Wallace said Greenwich needs a self-storage facility.

“The average self storage facility is within three miles of a population, and there really isn’t any of that in Greenwich, so this is something that needs to be done. If we can get some flexibility on some things, we could get some amenities there which we think would draw people to the water.”

Mr. Levy inquired about the possibility of a café or restaurant use.

Mr. Wallace said that a number of restaurants had failed in the area.

“I think that two had turned over in the past 12 months. We looked at that extensively. If you want to give me the ability to put a Starbucks in there I’d be happy to. I’m sure that won’t happen.”

Levy pressed on. “Do you think it’s because of location? Do you think it’s because of access issues?”

“I’m not a restaurateur, but you’ve had two restaurants fail on the Greenwich side in the last 12 months. …We could look into that and come back with some thoughts.”

“What about the idea of a small storefront with packaging materials, boxes – something related to storage that would be manned by the person who would be there anyway – just so there is some sort of street relationship?” suggested Director of P&Z Katie DeLuca.

“Are you implying we could sell other things so it could be an amenity for the community?” Wallace asked.

“I was thinking that should be up front, so you’re not walking by stores and all of a sudden there is this blank wall. There would at least be some interaction.”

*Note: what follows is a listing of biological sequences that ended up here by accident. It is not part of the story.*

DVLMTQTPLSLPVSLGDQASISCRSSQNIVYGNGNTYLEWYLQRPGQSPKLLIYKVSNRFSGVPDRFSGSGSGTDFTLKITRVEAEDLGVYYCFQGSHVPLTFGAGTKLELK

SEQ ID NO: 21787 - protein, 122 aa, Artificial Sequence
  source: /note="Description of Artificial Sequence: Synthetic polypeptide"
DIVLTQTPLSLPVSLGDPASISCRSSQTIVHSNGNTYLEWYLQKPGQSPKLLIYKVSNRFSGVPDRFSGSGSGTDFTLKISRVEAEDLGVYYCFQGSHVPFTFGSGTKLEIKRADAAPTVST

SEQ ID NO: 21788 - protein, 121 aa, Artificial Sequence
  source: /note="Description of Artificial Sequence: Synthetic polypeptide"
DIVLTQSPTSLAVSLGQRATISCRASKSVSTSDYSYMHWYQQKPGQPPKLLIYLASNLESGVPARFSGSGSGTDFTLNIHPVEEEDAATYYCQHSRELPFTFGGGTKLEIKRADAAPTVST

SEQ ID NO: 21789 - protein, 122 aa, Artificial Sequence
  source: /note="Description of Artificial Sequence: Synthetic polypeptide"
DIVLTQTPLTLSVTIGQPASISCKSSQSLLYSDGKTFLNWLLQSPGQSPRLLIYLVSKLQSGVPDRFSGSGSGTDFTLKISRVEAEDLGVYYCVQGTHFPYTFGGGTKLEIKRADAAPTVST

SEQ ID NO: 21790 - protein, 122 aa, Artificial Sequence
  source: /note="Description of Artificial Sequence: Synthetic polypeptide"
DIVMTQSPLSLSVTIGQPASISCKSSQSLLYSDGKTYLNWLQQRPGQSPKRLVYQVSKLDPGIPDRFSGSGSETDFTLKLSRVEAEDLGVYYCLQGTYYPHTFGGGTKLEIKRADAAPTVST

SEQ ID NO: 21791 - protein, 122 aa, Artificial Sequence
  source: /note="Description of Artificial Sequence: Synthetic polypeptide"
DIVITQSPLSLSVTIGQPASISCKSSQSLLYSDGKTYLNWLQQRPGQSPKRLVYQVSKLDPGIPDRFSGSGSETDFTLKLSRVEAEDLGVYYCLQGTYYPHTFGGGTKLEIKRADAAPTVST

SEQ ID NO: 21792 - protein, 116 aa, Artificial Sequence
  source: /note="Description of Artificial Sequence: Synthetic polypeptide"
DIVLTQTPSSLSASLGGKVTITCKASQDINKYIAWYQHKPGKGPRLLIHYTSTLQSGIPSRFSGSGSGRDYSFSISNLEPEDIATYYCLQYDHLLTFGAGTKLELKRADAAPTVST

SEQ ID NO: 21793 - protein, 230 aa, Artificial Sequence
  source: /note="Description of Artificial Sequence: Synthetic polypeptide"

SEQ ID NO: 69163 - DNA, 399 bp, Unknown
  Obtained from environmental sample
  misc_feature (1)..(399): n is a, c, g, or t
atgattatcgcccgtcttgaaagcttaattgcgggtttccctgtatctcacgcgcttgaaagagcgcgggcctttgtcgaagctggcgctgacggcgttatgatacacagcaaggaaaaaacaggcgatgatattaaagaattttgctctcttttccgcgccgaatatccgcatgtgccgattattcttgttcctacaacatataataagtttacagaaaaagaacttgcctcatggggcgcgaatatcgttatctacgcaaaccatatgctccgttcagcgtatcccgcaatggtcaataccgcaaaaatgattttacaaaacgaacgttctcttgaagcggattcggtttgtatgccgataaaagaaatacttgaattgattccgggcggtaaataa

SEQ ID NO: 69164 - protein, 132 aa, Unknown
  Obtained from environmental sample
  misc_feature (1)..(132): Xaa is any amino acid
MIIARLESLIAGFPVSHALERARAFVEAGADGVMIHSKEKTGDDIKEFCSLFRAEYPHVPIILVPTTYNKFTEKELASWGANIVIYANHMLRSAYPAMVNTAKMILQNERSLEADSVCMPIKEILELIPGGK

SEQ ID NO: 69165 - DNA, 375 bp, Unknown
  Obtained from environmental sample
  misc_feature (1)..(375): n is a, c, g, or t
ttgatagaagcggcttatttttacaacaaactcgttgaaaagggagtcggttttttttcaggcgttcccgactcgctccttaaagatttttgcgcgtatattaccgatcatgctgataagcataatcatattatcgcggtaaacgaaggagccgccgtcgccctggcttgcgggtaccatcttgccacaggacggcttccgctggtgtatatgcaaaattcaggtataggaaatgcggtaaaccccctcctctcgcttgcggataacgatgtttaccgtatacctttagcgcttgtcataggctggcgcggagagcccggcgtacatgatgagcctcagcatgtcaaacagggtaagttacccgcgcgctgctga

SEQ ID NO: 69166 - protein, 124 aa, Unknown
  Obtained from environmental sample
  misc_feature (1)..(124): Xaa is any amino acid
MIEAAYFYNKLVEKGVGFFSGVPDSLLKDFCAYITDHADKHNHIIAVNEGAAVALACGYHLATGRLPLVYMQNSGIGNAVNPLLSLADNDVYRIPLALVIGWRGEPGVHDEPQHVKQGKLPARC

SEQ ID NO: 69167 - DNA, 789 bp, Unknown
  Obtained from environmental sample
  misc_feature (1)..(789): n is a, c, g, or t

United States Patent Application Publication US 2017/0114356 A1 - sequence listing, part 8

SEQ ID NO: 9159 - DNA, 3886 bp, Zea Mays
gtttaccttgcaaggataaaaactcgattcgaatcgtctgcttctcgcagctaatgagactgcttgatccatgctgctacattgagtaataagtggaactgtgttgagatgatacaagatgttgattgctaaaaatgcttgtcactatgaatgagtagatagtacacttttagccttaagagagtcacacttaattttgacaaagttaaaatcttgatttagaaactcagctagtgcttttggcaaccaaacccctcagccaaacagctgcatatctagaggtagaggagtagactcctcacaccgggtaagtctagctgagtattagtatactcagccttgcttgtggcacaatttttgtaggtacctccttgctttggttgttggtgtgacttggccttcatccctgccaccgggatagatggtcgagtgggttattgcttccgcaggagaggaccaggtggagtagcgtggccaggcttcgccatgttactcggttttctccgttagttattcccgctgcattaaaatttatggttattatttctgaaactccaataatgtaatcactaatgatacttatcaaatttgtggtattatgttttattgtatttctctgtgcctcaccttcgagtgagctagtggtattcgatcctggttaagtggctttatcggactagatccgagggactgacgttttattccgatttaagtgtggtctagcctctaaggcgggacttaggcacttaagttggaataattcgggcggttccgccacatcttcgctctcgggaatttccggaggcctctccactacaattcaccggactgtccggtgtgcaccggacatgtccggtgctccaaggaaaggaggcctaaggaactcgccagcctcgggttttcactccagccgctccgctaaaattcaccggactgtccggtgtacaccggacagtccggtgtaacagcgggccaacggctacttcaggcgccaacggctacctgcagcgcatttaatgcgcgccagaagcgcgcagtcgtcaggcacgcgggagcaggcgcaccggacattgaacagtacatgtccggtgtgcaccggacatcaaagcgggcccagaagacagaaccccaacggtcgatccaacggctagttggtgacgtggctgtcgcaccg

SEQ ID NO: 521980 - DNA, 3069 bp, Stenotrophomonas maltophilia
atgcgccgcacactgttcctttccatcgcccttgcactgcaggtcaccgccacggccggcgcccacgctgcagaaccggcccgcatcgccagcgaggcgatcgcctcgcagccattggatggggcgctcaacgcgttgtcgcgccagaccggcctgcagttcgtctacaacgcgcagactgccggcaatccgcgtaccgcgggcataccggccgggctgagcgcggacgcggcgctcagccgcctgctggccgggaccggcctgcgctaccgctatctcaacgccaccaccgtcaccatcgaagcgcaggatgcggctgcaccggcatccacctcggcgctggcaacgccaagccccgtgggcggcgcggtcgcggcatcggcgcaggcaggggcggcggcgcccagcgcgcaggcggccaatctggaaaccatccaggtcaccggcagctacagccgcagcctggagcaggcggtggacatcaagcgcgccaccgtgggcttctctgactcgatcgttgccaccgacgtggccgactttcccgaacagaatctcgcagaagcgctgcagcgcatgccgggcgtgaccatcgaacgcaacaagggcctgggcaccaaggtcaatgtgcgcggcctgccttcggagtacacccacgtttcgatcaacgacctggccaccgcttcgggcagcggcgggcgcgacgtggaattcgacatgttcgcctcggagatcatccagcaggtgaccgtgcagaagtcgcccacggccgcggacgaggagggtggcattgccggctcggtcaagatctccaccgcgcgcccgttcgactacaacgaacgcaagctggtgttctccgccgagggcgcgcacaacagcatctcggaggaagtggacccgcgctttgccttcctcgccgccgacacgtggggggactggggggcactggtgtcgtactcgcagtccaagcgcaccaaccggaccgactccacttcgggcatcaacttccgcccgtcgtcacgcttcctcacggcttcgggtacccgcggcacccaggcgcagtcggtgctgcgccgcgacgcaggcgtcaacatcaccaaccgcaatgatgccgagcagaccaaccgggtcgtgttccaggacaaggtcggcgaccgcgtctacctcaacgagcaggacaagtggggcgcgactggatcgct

“That’s a great idea,” Wallace said. “One of the tings we want to do is save that front building. The facade – we think it’s quite retro and chic.

“I’ve always loved that building,” Alban said.

“It’s a beautiful building. Unfortunately a prior owner didn’t treat it as well as it probably should,” Wallace explained. “Hopefully we could save a piece of that and have something historical for the town.”

Alban asked if the whole building could be restored.

Wallace said it might be possible.

Ms Alban said if the applicant created a retail café, they would only be required to have 12 seats, which would not have a large parking requirement.

“Anything that turns you toward the river and enhances that,” Alban said. “I believe the neighbors have a significant interest in the application.”

“You know you are in a flood zone as well,” Alban said. “If you demolish the whole building you’ll have to go full FEMA compliance.”

She added that even if the applicant did a rehabilitation rather than a demolition, they would they’d have to be FEMA compliant, unless, possibly there was some historic preservation.